Provost Distinguished Lecturer Series- Beth Rink- September 17, 2018
- Monday, September 17, 2018 from 7:00pm to 8:00pm
- Museum of the Rockies, Hager - view map
BOZEMAN — After more than a decade working with indigenous communities in Montana, Greenland and Finland, Montana State University community health professor Elizabeth Rink has come to understand that when it comes to reproductive decisions in indigenous communities, the wishes of the family and the collective needs of the community can be prioritized over the wishes of the individual.
“This is a big difference from the Western world,” said Rink, from the MSU College of Education, Health and Human Development’s Department of Health and Human Development. “The Western world bases reproductive rights on individual choice, primarily a woman’s individual right to choose if she’s going to have a child or not. But in indigenous groups, particularly in Arctic communities, that’s usually not the focus. The focus is on the family and the community and what the family and the community needs or wants to have happen.”
In addition, Rink said, what often influences reproductive health in indigenous populations is not based on Western public health models but on indigenous belief systems that emphasize the importance of the collective and the emotional connection to a physical place.
“Being emotionally connected to the physical place that you live in is going to influence your desire to have children,” Rink said. “There’s a desire to keep the memories of what happened in that place alive.”
Rink will discuss these and additional observations from her research with indigenous communities when she delivers the first lecture in this year’s Provost’s Distinguished Lecturer Series, which recognizes outstanding MSU faculty. The lecture, “Understanding Indigenous Reproductive Health,” is set for 7 p.m. Monday, Sept. 17, in the Hager Auditorium of the Museum of the Rockies. It is free and open to the public, and a reception will follow at 8 p.m.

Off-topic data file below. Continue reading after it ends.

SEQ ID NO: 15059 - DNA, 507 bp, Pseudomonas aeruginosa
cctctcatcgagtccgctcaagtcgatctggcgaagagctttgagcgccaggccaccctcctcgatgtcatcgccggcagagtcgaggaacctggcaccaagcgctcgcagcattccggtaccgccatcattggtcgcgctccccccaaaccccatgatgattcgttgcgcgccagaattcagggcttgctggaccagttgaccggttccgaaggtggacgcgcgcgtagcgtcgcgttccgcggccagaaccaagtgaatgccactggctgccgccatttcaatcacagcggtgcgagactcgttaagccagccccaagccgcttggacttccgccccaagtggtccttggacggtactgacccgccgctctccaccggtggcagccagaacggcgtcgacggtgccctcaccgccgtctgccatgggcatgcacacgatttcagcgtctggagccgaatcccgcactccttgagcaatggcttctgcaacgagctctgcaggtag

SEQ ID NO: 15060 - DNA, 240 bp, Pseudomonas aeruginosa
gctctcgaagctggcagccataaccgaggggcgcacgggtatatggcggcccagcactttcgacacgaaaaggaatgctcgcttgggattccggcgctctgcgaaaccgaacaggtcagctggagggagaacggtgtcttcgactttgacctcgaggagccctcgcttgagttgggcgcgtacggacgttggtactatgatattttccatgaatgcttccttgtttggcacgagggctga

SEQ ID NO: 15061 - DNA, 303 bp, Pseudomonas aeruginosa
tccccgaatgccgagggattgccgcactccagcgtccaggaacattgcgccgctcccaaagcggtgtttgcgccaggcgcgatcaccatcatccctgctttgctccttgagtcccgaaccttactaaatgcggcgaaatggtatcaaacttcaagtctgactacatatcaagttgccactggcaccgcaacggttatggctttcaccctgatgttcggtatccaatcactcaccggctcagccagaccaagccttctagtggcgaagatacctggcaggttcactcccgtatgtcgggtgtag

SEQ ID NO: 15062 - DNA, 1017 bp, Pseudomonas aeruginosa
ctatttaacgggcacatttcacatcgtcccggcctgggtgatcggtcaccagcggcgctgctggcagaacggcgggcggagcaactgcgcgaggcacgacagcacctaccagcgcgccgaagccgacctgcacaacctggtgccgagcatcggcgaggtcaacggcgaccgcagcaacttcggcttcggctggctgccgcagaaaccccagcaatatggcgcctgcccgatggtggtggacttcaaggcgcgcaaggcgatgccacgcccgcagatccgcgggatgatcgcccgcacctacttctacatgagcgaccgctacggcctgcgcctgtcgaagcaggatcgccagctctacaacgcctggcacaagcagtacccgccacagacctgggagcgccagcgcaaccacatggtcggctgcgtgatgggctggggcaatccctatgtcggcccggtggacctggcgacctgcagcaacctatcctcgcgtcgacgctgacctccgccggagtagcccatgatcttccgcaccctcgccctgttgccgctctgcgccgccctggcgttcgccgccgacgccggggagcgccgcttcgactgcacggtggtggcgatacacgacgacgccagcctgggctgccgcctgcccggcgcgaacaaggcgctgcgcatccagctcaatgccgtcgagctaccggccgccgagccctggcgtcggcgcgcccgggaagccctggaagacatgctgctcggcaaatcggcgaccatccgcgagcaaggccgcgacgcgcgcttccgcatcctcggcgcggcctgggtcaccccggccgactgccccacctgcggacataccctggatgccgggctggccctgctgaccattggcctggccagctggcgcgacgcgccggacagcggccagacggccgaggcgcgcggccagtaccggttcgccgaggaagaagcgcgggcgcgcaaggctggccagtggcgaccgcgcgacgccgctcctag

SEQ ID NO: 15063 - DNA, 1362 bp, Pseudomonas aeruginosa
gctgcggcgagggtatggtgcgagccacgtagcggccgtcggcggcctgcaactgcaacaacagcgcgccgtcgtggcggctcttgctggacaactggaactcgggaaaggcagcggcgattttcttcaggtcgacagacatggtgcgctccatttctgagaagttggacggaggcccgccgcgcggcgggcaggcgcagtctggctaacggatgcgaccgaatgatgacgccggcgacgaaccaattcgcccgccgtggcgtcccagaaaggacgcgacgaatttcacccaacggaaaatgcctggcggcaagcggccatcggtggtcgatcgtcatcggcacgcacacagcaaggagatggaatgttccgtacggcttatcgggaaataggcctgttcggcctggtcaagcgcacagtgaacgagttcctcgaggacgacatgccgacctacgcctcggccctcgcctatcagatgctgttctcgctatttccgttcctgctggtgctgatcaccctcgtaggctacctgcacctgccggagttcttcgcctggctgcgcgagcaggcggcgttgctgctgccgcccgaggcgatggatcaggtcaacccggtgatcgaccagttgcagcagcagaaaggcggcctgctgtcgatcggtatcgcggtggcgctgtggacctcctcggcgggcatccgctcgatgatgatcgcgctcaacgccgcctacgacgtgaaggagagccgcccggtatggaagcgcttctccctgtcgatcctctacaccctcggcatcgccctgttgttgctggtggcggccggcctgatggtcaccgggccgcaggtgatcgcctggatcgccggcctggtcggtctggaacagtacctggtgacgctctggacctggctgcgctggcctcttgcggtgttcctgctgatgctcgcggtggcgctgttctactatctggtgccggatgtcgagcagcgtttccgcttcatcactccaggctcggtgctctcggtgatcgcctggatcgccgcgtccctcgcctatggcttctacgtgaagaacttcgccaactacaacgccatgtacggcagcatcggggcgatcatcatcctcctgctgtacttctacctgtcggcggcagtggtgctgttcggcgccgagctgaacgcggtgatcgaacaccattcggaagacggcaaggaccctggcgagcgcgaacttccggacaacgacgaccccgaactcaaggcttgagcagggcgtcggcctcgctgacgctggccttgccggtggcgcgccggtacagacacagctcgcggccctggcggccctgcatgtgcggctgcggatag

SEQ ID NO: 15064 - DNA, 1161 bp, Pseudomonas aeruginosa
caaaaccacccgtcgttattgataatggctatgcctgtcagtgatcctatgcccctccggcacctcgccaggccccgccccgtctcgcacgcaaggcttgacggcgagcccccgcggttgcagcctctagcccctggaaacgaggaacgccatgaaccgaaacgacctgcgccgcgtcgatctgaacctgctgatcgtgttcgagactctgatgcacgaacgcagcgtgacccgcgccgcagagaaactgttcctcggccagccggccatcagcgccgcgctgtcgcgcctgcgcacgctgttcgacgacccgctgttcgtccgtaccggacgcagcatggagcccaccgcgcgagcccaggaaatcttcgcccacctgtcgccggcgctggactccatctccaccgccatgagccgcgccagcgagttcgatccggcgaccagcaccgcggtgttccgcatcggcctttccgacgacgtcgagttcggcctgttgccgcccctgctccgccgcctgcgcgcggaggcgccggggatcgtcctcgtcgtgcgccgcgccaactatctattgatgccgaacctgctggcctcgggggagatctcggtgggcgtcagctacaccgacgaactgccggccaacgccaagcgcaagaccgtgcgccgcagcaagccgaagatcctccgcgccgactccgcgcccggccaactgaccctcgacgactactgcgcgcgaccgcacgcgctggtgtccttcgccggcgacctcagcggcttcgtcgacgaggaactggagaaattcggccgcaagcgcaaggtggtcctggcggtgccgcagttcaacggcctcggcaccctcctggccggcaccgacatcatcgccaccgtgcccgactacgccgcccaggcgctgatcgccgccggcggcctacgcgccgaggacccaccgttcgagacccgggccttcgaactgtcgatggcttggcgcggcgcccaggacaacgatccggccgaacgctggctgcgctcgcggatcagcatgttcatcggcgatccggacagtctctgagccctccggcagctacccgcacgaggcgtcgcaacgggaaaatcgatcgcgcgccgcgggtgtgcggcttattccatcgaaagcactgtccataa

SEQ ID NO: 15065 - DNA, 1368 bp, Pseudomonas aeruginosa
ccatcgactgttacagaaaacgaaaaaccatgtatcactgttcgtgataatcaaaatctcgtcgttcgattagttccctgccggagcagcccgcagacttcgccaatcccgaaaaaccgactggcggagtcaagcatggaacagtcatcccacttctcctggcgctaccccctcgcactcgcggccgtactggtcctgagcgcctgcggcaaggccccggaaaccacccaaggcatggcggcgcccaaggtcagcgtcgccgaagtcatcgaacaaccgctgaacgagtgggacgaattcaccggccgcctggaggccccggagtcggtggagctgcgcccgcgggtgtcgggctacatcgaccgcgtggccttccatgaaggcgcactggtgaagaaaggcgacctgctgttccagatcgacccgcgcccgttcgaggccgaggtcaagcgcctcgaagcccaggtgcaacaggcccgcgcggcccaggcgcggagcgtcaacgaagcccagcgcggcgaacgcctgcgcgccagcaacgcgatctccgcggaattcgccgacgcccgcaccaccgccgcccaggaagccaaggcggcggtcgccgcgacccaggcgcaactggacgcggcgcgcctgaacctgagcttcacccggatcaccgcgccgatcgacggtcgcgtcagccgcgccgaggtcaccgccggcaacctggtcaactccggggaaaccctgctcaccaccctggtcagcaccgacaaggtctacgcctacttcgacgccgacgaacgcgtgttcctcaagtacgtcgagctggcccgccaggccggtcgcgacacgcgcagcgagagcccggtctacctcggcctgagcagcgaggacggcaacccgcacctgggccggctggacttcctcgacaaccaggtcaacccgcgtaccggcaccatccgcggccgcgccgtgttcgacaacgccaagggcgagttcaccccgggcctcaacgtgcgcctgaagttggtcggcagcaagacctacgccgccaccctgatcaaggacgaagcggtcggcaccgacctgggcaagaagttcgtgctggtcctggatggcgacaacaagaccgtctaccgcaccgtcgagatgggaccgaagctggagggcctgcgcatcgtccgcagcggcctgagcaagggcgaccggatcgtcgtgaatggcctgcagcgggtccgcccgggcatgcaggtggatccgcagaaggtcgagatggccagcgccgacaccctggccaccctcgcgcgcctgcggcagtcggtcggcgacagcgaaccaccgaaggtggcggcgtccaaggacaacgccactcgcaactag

For 12 years, Rink’s research has focused on the individual, psychological, social, cultural and environmental determinants of sexual and reproductive health among indigenous populations in Montana and the Arctic. During that time, her research has been funded by the U.S. Office of Population Affairs, the National Institutes of Health and the National Science Foundation, among other funding sources.
“Professor Rink has an outstanding record of research and is well-known throughout the indigenous communities in which she works,” said Alison Harmon, dean of the College of Education, Health and Human Development. “She has spent years thoughtfully and meticulously working to advance health among indigenous communities, and we are delighted that she will have the opportunity to share information about her work at this lecture.”
Rink emphasized that she doesn’t make a value judgment in her work about whether individual or family wishes should take precedence in reproductive decision-making, but her understanding of how these decisions are made in indigenous communities does inform her recommendations as a researcher focused on indigenous health.
“The more I work with indigenous communities, the more I realize that the focus on individual rights is incomplete unless you include family and community values and culture into that concept of the individual,” she said.